Rosemead Kiwanis Club

   "Serving the Community Since 1945"






The Fax of Life

A weekly inspiration, courtesy of the Kiwanis Club of Scott's Valley

January 28, 2013                                            Volume 19, Number 13


How to Truly Love, God's Way


David was the fifth child in our family of eight kids. He was two years older than me and was born with Downs Syndrome. We lived in the "way outback" in south Alabama.


When I was a small girl, I was so totally embarrassed when people would stare at him as if he were a freak. He always noticed it, too. Many times he would ask the rest of the family why are they looking at me like that? We always told him it was because he was so handsome. But, I was still ashamed to be seen with him in public myself, and I was his sister.


One hot summer afternoon when David was 14 years old, he came running into the house sobbing loudly. His heart was breaking in two. Before I could get to him to see what was wrong, he had fallen down beside his bed and began to cry and pray. This was his prayer:


"God, why me? Why am I so different from everybody else? Nobody understands me. I just want to play with all the other boys and be like them. Why? Why? Why am I so different?"


My heart began to pound. My anger began to rise. I walked outside to see what had happened. My younger brothers said several boys from the neighborhood had been in our yard mocking and making fun of David after he asked if he could play with them. They broke his heart.


Remembering what I had just heard, my anger turned to rage. I went looking for those boys. They were still mocking David when I found them two houses away. I whipped 3 boys that afternoon, all bigger and older than me. I quickly ran home and confessed my fighting to Mom, before those boy's mothers could get to her.


David was still crying when I had gotten home. He stayed beside his bed for over three hours crying and praying to God. When he finally ended his prayer, he so quietly said to God:


"I want your will to be done in my life. Amen. Thank you, God."


Crying myself, I tried to comfort David that afternoon, but could not. He was too broken in spirit to hear me or to feel my compassion for him. That was the first time I really knew that David fully understood how different he was. My image and view of him totally changed that afternoon. He became a strong focal point in my life. I loved him so dearly and took him with me everywhere when Mom allowed me to.


My admiration and respect for him knew no boundaries. He showed love to everyone he came in contact with. His life was centered around loving people unconditionally. He accepted everyone. He never spoke ill of any person. Even when people hurt his feelings, he forgave them immediately and hugged their necks.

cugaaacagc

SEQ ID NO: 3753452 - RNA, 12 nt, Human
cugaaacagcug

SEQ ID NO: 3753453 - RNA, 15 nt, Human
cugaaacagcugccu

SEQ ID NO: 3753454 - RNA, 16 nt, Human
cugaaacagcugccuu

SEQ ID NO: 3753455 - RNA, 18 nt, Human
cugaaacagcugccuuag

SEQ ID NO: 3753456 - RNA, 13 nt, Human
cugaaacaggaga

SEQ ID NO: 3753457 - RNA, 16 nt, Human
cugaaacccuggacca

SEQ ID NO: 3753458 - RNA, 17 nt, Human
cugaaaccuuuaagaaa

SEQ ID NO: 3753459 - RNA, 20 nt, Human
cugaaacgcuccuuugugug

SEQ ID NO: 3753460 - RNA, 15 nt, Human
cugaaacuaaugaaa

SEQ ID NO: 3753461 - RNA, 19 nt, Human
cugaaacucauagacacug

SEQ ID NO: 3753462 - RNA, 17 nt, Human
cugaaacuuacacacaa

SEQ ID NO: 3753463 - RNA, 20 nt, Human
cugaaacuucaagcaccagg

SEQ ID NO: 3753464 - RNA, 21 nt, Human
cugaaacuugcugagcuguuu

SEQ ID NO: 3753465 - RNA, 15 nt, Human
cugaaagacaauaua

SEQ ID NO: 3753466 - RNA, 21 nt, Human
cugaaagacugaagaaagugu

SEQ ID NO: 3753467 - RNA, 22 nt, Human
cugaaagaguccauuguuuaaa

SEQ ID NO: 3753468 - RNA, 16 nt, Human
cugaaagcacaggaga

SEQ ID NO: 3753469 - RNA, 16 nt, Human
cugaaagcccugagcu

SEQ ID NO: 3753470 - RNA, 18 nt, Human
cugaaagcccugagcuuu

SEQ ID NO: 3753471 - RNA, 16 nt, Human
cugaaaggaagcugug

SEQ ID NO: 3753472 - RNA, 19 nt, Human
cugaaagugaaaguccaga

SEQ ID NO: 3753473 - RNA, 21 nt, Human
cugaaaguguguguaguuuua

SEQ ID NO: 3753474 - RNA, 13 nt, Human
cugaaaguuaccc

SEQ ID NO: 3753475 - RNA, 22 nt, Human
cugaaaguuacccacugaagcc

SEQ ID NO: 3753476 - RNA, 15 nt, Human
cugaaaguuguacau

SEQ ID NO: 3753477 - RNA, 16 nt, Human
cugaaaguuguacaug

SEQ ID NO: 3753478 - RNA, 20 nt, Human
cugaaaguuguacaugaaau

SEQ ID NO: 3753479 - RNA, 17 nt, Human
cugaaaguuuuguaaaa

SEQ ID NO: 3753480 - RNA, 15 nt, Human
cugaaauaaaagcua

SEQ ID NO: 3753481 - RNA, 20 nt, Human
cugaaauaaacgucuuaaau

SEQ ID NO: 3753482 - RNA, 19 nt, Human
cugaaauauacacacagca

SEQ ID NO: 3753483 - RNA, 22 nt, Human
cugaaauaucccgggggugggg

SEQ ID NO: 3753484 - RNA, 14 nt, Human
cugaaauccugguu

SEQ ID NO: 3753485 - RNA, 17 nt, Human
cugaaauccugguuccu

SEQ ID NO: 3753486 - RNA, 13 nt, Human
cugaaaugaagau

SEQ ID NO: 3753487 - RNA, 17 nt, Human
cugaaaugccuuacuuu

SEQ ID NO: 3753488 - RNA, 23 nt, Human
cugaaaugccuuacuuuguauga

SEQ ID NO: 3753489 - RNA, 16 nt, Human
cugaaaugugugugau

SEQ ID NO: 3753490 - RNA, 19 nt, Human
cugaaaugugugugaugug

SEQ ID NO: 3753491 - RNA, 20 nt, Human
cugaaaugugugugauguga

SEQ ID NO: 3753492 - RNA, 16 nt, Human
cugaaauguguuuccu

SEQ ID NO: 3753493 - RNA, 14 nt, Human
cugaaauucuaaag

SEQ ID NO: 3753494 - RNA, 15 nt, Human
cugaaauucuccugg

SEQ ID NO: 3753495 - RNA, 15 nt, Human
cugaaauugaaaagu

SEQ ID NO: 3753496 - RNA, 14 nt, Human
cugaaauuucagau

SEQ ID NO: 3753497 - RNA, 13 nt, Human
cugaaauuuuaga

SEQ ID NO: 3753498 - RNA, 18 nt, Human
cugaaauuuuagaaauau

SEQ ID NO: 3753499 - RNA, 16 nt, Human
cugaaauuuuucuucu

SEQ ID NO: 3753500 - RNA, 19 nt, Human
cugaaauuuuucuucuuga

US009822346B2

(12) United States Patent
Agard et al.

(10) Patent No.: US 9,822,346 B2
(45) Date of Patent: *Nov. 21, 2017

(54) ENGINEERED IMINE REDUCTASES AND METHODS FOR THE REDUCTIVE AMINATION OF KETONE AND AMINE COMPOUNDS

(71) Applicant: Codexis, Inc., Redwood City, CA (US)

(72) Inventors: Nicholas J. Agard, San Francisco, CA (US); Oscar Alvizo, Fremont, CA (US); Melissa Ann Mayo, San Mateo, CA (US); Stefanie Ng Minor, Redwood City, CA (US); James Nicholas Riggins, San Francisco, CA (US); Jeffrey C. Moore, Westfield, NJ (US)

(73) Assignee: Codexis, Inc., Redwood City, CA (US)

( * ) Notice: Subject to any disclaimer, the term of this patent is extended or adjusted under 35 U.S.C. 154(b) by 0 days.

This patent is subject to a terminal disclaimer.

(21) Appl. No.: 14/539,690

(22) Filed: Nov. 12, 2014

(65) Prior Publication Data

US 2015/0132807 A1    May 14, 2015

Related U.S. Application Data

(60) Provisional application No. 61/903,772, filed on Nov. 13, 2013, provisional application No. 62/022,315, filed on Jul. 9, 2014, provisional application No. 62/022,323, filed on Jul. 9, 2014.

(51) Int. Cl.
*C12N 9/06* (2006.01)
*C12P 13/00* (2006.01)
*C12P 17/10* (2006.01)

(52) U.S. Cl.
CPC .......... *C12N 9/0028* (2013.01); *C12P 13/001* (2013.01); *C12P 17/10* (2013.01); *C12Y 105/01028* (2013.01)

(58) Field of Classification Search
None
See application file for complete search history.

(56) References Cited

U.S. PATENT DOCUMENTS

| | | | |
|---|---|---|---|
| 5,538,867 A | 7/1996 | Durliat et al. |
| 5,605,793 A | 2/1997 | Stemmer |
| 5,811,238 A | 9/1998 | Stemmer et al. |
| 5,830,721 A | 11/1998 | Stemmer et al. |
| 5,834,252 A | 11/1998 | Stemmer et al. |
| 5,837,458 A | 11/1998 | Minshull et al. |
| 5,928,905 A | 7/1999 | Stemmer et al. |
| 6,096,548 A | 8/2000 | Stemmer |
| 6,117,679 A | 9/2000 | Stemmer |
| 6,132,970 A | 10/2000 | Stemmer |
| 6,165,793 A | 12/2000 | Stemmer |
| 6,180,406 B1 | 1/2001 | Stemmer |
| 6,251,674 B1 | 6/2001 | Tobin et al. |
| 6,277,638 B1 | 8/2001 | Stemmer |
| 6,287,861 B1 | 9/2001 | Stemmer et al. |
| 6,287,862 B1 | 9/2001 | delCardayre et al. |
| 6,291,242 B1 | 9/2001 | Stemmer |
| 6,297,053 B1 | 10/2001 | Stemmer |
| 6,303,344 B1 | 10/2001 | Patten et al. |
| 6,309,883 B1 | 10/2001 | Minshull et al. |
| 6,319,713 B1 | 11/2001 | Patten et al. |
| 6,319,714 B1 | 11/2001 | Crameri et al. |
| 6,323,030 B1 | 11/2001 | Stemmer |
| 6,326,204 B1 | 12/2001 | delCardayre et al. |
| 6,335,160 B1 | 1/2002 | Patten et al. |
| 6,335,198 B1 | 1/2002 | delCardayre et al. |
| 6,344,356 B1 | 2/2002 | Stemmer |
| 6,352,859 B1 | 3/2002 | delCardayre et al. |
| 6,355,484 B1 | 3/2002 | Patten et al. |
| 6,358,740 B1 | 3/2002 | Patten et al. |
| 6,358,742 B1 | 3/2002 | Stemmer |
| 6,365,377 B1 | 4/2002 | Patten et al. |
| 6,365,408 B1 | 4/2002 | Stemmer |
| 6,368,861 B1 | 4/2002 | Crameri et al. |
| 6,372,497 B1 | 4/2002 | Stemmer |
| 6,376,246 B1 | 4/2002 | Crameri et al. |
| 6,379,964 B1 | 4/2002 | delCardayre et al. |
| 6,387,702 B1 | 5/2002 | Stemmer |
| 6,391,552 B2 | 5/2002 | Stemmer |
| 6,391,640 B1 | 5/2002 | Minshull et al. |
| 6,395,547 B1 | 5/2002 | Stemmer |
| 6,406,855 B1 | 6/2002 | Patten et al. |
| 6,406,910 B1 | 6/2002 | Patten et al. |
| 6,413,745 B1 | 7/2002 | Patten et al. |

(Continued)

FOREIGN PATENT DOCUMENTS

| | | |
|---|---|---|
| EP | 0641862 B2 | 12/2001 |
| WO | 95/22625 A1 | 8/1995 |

It was many years later, when he died at 49 years of age, that 'I' received the answer to 'his' prayer. I realized the "why" of David's life.


Before he was placed on life support and was unable to speak to us, I was sitting on a short stool beside his hospital bed when David reached for my hand about 2:30 a.m. in the morning. He smiled at me, told me he loved me and asked, "Sis, will you hold my hand when .... you know?"


I knew from the look in his eye that he knew something I did not even want to think about. I hugged him tightly, gave him a kiss on the forehead and agreed to hold his hand until he got better. He closed his eyes to sleep. A few minutes later he began to reach for things in the air. He appeared to be touching and feeling of something. He would take whatever he saw into his hand and bring it down to rest on his chest. After a long while I asked him what he was doing. He said: "I see them."


When I ask who he saw, his reply was that he did not know, but they wanted him to come with them. I asked where they were going and he shrugged his shoulders to indicate he did not know. Then I asked, "Do you want to go with them?"


His answer was loud and affirmative, "Yea-es!" Indicating that I must be "duh" to think that he would not want to go with whomever he was seeing. One week later David's earthly body gave up. He could not fight to stay alive for us any more. I had been holding his hand and singing worship choruses to him for several hours. He left this life behind as I was singing "Amazing Grace."


So many people attended his funeral. He had touched so many different people. The main topic of conversation about David at the funeral focused on the way he had touched and loved so many people during his lifetime. Then I remembered his prayer and this was God's answer.


The reason David was born with Downs Syndrome, and the reason he was so different was so everyone who knew him could learn to love, God's way, by watching David shine with pure, unconditional, unfailing love, forgiveness and longsuffering.


What a wonderful man my brother was! My heart breaks each time I think of the physical and emotional suffering throughout his lifetime. But I smile each time I think of what he meant to so many people. His reason for being was to teach us how to truly love. God's way.


                                                                                      ~ Author Unknown ~


Kiwanis is a global organization of volunteers dedicated to changing the world one child and one community at a time. All of its Clubs are independently-run community service groups.